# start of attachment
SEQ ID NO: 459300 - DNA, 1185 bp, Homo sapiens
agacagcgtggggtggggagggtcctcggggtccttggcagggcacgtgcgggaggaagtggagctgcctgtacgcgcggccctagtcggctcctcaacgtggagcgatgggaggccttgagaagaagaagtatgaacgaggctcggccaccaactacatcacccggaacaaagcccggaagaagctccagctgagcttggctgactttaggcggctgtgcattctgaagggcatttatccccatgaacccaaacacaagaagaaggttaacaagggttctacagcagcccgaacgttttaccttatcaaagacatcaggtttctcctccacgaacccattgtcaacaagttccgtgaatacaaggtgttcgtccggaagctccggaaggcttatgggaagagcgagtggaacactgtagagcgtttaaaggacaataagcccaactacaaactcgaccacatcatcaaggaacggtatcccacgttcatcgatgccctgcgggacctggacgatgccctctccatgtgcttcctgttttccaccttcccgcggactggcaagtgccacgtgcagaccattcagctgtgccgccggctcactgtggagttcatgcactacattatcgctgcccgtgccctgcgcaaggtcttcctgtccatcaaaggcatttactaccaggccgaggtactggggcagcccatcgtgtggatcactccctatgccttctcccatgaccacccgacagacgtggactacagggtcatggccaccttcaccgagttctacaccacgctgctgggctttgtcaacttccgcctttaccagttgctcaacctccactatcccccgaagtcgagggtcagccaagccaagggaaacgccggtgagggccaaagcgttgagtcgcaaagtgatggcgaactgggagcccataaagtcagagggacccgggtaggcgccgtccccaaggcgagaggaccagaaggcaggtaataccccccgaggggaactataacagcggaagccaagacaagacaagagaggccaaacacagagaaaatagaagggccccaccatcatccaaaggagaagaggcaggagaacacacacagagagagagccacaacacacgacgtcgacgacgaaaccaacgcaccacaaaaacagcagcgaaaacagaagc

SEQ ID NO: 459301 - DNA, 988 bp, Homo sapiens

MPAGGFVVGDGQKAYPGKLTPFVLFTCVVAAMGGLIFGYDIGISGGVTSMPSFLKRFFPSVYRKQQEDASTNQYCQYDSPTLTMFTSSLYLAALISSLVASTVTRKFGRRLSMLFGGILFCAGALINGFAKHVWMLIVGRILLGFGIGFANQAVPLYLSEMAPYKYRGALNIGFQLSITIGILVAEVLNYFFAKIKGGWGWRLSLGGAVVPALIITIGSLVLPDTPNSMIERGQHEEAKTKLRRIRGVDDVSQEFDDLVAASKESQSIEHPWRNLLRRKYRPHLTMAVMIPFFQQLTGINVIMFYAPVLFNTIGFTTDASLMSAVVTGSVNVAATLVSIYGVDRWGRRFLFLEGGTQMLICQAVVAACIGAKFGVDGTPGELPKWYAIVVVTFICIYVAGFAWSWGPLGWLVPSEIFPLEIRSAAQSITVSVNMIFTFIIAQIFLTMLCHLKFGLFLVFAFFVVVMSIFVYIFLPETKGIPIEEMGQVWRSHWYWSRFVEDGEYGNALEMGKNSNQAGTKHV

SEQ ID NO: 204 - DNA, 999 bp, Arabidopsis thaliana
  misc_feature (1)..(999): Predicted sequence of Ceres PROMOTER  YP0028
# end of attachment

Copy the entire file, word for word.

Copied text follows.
SEQ ID NO: 459300 - DNA, 1185 bp, Homo sapiens
agacagcgtggggtggggagggtcctcggggtccttggcagggcacgtgcgggaggaagtggagctgcctgtacgcgcggccctagtcggctcctcaacgtggagcgatgggaggccttgagaagaagaagtatgaacgaggctcggccaccaactacatcacccggaacaaagcccggaagaagctccagctgagcttggctgactttaggcggctgtgcattctgaagggcatttatccccatgaacccaaacacaagaagaaggttaacaagggttctacagcagcccgaacgttttaccttatcaaagacatcaggtttctcctccacgaacccattgtcaacaagttccgtgaatacaaggtgttcgtccggaagctccggaaggcttatgggaagagcgagtggaacactgtagagcgtttaaaggacaataagcccaactacaaactcgaccacatcatcaaggaacggtatcccacgttcatcgatgccctgcgggacctggacgatgccctctccatgtgcttcctgttttccaccttcccgcggactggcaagtgccacgtgcagaccattcagctgtgccgccggctcactgtggagttcatgcactacattatcgctgcccgtgccctgcgcaaggtcttcctgtccatcaaaggcatttactaccaggccgaggtactggggcagcccatcgtgtggatcactccctatgccttctcccatgaccacccgacagacgtggactacagggtcatggccaccttcaccgagttctacaccacgctgctgggctttgtcaacttccgcctttaccagttgctcaacctccactatcccccgaagtcgagggtcagccaagccaagggaaacgccggtgagggccaaagcgttgagtcgcaaagtgatggcgaactgggagcccataaagtcagagggacccgggtaggcgccgtccccaaggcgagaggaccagaaggcaggtaataccccccgaggggaactataacagcggaagccaagacaagacaagagaggccaaacacagagaaaatagaagggccccaccatcatccaaaggagaagaggcaggagaacacacacagagagagagccacaacacacgacgtcgacgacgaaaccaacgcaccacaaaaacagcagcgaaaacagaagc

SEQ ID NO: 459301 - DNA, 988 bp, Homo sapiens

MPAGGFVVGDGQKAYPGKLTPFVLFTCVVAAMGGLIFGYDIGISGGVTSMPSFLKRFFPSVYRKQQEDASTNQYCQYDSPTLTMFTSSLYLAALISSLVASTVTRKFGRRLSMLFGGILFCAGALINGFAKHVWMLIVGRILLGFGIGFANQAVPLYLSEMAPYKYRGALNIGFQLSITIGILVAEVLNYFFAKIKGGWGWRLSLGGAVVPALIITIGSLVLPDTPNSMIERGQHEEAKTKLRRIRGVDDVSQEFDDLVAASKESQSIEHPWRNLLRRKYRPHLTMAVMIPFFQQLTGINVIMFYAPVLFNTIGFTTDASLMSAVVTGSVNVAATLVSIYGVDRWGRRFLFLEGGTQMLICQAVVAACIGAKFGVDGTPGELPKWYAIVVVTFICIYVAGFAWSWGPLGWLVPSEIFPLEIRSAAQSITVSVNMIFTFIIAQIFLTMLCHLKFGLFLVFAFFVVVMSIFVYIFLPETKGIPIEEMGQVWRSHWYWSRFVEDGEYGNALEMGKNSNQAGTKHV

SEQ ID NO: 204 - DNA, 999 bp, Arabidopsis thaliana
  misc_feature (1)..(999): Predicted sequence of Ceres PROMOTER  YP0028